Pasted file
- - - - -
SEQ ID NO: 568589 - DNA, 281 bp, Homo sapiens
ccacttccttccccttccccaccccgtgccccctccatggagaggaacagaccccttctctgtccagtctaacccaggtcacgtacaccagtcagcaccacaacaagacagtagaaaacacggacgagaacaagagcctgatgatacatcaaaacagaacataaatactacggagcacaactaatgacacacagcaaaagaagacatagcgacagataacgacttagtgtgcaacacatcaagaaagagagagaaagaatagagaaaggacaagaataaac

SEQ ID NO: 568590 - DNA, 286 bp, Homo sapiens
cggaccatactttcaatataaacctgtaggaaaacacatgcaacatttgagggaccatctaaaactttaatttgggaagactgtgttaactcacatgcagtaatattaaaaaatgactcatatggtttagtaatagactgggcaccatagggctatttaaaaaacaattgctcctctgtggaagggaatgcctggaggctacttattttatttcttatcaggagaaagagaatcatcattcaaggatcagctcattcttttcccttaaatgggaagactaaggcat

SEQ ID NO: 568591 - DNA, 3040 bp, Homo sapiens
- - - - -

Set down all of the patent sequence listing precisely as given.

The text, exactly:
SEQ ID NO: 568589 - DNA, 281 bp, Homo sapiens
ccacttccttccccttccccaccccgtgccccctccatggagaggaacagaccccttctctgtccagtctaacccaggtcacgtacaccagtcagcaccacaacaagacagtagaaaacacggacgagaacaagagcctgatgatacatcaaaacagaacataaatactacggagcacaactaatgacacacagcaaaagaagacatagcgacagataacgacttagtgtgcaacacatcaagaaagagagagaaagaatagagaaaggacaagaataaac

SEQ ID NO: 568590 - DNA, 286 bp, Homo sapiens
cggaccatactttcaatataaacctgtaggaaaacacatgcaacatttgagggaccatctaaaactttaatttgggaagactgtgttaactcacatgcagtaatattaaaaaatgactcatatggtttagtaatagactgggcaccatagggctatttaaaaaacaattgctcctctgtggaagggaatgcctggaggctacttattttatttcttatcaggagaaagagaatcatcattcaaggatcagctcattcttttcccttaaatgggaagactaaggcat

SEQ ID NO: 568591 - DNA, 3040 bp, Homo sapiens